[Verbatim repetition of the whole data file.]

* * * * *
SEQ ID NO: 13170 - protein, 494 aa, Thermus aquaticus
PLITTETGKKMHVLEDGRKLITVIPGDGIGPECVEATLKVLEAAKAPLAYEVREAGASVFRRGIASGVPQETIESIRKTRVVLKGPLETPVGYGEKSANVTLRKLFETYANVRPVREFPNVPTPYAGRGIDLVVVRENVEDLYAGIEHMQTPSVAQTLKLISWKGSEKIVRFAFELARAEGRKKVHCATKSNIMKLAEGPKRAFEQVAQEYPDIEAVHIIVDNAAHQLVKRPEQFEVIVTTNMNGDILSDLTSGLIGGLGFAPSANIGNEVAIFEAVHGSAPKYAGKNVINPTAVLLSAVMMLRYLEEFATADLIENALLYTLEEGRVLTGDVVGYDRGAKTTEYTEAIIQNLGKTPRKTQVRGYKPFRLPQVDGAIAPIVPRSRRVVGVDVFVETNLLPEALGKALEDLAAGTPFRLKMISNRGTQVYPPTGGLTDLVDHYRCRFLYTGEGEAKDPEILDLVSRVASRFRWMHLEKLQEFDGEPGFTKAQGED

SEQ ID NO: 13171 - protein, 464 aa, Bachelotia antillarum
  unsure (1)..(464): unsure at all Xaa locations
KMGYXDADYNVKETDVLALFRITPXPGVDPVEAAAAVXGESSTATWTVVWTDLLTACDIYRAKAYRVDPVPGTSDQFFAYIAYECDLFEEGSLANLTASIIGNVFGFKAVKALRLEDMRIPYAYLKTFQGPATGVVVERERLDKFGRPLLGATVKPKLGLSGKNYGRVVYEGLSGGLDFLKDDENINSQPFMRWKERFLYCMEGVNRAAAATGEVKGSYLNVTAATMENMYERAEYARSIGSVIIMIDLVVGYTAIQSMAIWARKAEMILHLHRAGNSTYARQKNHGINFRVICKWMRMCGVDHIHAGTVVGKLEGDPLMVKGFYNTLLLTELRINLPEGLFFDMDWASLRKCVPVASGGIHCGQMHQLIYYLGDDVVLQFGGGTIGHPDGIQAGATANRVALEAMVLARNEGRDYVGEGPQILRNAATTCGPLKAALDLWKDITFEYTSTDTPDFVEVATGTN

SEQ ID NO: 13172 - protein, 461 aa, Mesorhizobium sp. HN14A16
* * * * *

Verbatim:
SEQ ID NO: 13170 - protein, 494 aa, Thermus aquaticus
PLITTETGKKMHVLEDGRKLITVIPGDGIGPECVEATLKVLEAAKAPLAYEVREAGASVFRRGIASGVPQETIESIRKTRVVLKGPLETPVGYGEKSANVTLRKLFETYANVRPVREFPNVPTPYAGRGIDLVVVRENVEDLYAGIEHMQTPSVAQTLKLISWKGSEKIVRFAFELARAEGRKKVHCATKSNIMKLAEGPKRAFEQVAQEYPDIEAVHIIVDNAAHQLVKRPEQFEVIVTTNMNGDILSDLTSGLIGGLGFAPSANIGNEVAIFEAVHGSAPKYAGKNVINPTAVLLSAVMMLRYLEEFATADLIENALLYTLEEGRVLTGDVVGYDRGAKTTEYTEAIIQNLGKTPRKTQVRGYKPFRLPQVDGAIAPIVPRSRRVVGVDVFVETNLLPEALGKALEDLAAGTPFRLKMISNRGTQVYPPTGGLTDLVDHYRCRFLYTGEGEAKDPEILDLVSRVASRFRWMHLEKLQEFDGEPGFTKAQGED

SEQ ID NO: 13171 - protein, 464 aa, Bachelotia antillarum
  unsure (1)..(464): unsure at all Xaa locations
KMGYXDADYNVKETDVLALFRITPXPGVDPVEAAAAVXGESSTATWTVVWTDLLTACDIYRAKAYRVDPVPGTSDQFFAYIAYECDLFEEGSLANLTASIIGNVFGFKAVKALRLEDMRIPYAYLKTFQGPATGVVVERERLDKFGRPLLGATVKPKLGLSGKNYGRVVYEGLSGGLDFLKDDENINSQPFMRWKERFLYCMEGVNRAAAATGEVKGSYLNVTAATMENMYERAEYARSIGSVIIMIDLVVGYTAIQSMAIWARKAEMILHLHRAGNSTYARQKNHGINFRVICKWMRMCGVDHIHAGTVVGKLEGDPLMVKGFYNTLLLTELRINLPEGLFFDMDWASLRKCVPVASGGIHCGQMHQLIYYLGDDVVLQFGGGTIGHPDGIQAGATANRVALEAMVLARNEGRDYVGEGPQILRNAATTCGPLKAALDLWKDITFEYTSTDTPDFVEVATGTN

SEQ ID NO: 13172 - protein, 461 aa, Mesorhizobium sp. HN14A16